“Business analysts take our custom primary research survey data, and then match it up to all of their point-of-sale data and try to write an algorithm to understand whether these correlate, and how can we make a decision accordingly for the company,” said Colson on the process they use to understand confidence in a product.

How to Get an Accurate Representation for Market Research

Ag Access recruits farmers and those in agriculture to serve as a sounding board for market research. Working with most large agricultural companies, it's important that Ag Access is supplying valuable information as it influences many ideas that growers across the country later have access to.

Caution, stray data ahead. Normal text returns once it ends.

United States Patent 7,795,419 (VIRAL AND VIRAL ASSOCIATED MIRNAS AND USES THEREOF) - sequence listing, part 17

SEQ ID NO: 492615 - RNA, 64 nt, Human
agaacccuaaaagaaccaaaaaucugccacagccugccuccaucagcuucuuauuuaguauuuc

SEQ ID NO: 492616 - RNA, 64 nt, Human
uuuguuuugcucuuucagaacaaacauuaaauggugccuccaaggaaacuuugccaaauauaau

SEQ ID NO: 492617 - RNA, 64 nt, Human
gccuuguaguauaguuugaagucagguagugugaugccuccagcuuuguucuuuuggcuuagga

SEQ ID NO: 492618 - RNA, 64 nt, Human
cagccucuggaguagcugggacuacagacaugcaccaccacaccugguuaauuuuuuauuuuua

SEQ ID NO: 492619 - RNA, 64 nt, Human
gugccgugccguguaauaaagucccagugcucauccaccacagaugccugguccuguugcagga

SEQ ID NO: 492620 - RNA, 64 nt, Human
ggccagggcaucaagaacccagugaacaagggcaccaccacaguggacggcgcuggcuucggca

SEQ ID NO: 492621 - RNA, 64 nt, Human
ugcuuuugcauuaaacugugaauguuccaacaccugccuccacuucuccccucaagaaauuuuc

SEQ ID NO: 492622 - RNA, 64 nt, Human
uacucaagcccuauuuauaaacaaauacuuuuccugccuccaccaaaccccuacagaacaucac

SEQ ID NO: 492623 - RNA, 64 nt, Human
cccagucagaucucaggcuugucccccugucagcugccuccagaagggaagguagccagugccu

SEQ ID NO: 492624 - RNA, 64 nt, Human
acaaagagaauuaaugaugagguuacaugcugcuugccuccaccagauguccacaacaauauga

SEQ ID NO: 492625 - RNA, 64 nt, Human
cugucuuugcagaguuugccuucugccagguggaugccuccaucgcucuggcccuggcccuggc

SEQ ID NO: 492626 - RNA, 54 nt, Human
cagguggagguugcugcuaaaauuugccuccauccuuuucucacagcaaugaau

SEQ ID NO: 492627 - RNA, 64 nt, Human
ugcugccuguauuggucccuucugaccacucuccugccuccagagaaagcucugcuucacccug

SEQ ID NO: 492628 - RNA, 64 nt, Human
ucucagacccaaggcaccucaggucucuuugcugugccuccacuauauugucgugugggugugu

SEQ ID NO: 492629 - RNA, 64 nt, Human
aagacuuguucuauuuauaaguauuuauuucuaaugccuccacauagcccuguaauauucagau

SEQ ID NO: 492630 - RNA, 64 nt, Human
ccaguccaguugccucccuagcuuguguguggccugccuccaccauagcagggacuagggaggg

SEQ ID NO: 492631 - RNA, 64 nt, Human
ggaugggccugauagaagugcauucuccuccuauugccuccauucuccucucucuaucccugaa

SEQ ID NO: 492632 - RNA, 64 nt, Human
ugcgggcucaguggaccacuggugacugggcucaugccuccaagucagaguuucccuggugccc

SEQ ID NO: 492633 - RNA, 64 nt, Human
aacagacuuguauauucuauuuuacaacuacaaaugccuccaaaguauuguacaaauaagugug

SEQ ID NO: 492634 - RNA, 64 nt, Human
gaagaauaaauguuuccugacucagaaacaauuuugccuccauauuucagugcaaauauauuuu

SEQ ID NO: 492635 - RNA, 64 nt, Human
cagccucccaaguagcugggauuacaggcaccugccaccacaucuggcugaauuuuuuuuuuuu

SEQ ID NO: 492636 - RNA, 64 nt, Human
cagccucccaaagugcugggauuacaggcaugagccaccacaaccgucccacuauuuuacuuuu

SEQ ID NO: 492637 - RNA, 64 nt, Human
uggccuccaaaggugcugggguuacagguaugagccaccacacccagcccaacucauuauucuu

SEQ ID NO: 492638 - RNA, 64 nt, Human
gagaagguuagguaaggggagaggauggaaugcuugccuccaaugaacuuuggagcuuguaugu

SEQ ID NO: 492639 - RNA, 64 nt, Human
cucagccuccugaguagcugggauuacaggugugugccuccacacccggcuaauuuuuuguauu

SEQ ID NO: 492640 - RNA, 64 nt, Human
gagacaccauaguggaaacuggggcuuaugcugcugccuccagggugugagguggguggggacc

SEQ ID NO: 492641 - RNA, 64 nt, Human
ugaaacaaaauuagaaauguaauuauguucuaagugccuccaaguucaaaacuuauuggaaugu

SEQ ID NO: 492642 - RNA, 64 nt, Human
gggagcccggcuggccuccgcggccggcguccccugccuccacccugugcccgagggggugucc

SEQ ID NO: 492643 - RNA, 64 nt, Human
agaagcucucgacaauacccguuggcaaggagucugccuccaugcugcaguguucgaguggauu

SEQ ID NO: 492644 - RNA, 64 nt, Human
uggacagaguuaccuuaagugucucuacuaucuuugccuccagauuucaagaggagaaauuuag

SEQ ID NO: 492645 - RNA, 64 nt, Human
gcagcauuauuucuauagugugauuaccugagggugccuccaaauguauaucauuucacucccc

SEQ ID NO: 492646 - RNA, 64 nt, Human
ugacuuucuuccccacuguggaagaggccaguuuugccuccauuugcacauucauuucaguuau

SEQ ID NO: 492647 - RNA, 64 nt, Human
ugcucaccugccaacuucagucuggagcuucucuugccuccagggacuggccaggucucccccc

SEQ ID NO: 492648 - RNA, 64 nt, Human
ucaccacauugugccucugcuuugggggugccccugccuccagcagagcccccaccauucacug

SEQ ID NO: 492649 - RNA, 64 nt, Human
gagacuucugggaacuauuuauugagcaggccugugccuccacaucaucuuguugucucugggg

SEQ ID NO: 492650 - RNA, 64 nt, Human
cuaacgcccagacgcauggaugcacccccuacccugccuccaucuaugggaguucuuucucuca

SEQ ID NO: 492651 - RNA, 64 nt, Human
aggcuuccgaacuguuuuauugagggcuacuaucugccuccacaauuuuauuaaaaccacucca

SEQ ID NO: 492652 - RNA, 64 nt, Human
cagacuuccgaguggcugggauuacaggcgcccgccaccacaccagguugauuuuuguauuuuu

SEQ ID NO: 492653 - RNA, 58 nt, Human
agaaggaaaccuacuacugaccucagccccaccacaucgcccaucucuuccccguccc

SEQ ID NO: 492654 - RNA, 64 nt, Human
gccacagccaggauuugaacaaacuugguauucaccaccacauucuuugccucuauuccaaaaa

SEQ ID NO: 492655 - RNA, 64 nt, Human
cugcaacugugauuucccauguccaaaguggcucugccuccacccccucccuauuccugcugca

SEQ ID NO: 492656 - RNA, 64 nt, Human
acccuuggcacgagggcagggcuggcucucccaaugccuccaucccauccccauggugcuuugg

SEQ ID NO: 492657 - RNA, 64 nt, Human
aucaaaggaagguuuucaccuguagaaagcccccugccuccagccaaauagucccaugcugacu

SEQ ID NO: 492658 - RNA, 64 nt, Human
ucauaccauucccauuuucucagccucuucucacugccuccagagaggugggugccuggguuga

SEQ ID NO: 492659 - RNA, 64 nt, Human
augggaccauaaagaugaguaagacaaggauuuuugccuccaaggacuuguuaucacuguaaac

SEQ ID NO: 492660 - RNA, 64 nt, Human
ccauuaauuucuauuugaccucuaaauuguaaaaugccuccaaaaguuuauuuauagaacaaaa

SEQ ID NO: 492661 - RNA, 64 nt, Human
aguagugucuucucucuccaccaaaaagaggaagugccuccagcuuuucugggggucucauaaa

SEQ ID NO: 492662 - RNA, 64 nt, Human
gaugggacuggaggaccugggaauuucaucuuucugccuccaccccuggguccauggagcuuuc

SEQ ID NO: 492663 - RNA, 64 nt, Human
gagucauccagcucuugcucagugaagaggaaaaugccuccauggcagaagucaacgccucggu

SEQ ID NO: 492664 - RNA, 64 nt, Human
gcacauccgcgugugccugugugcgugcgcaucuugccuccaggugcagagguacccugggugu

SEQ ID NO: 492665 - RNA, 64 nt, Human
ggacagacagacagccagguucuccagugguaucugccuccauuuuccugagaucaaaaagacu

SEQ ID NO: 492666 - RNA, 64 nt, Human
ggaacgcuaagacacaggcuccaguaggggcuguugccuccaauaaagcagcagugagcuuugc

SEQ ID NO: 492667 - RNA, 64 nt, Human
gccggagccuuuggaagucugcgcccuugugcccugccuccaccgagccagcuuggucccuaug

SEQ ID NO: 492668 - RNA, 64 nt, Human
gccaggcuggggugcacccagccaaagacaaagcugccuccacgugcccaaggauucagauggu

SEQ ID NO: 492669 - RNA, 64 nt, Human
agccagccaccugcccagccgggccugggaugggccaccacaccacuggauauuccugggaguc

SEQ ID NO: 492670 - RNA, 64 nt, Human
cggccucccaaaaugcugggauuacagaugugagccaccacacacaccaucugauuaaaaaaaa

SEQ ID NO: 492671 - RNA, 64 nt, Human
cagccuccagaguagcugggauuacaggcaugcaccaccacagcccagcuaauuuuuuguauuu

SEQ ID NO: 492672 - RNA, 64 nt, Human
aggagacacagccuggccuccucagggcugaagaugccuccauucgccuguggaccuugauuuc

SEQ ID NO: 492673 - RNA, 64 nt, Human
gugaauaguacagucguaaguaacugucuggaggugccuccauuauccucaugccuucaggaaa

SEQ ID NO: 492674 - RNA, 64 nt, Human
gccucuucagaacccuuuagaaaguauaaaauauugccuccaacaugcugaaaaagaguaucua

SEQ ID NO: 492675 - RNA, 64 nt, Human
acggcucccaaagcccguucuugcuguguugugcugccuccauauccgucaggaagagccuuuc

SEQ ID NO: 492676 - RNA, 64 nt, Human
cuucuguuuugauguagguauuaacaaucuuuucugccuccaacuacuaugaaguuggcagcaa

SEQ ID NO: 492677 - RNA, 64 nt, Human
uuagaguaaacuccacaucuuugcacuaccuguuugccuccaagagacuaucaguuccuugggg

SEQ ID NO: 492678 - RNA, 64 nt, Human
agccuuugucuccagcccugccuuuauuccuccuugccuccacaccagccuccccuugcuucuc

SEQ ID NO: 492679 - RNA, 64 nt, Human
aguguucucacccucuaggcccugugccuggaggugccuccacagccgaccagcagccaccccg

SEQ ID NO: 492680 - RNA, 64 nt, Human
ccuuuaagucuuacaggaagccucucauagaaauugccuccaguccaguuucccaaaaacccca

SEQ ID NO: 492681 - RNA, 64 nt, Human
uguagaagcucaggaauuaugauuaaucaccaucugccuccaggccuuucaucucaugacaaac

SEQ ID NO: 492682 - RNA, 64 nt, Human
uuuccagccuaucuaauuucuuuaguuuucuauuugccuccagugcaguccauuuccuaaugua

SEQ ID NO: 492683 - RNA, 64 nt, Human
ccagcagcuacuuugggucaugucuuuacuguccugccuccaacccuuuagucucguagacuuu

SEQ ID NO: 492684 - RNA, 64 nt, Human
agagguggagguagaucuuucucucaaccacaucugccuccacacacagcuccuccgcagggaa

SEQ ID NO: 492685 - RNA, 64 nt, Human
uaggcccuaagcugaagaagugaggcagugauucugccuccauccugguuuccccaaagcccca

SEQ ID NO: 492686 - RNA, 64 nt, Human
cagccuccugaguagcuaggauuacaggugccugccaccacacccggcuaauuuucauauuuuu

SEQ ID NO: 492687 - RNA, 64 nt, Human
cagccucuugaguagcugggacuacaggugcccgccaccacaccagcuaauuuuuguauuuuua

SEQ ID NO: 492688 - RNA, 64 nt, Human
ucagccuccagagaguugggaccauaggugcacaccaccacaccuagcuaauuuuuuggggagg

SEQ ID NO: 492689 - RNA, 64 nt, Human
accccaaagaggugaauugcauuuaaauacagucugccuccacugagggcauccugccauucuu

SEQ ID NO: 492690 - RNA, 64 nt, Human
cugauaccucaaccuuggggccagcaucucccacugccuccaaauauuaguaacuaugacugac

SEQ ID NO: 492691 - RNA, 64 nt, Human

When it comes to recruiting growers, Colson shares that farmers are, in a way, like typical consumers used for market research.

“You just see [farmers] being that rare type of business that approaches every single interaction in terms of it being some form of long-lasting, long-term relationship. They're embedded in their community. They know the other farmers around them, and they know anyone that is going to sell them a piece of equipment or a product or service,” he shared.

Because of this, Ag Access has a process that helps them understand in-depth information of farms, including their acreage, rotation, fleet brands and more to ensure they are only sending relevant surveys their way.

“We take a very stakeholder-focused approach to trying to be the people worth working with by both being a good representative to the people who are our life blood, that are actually completing research with us, and representing them back to our customer, which is really what our customer wants,” said Colson.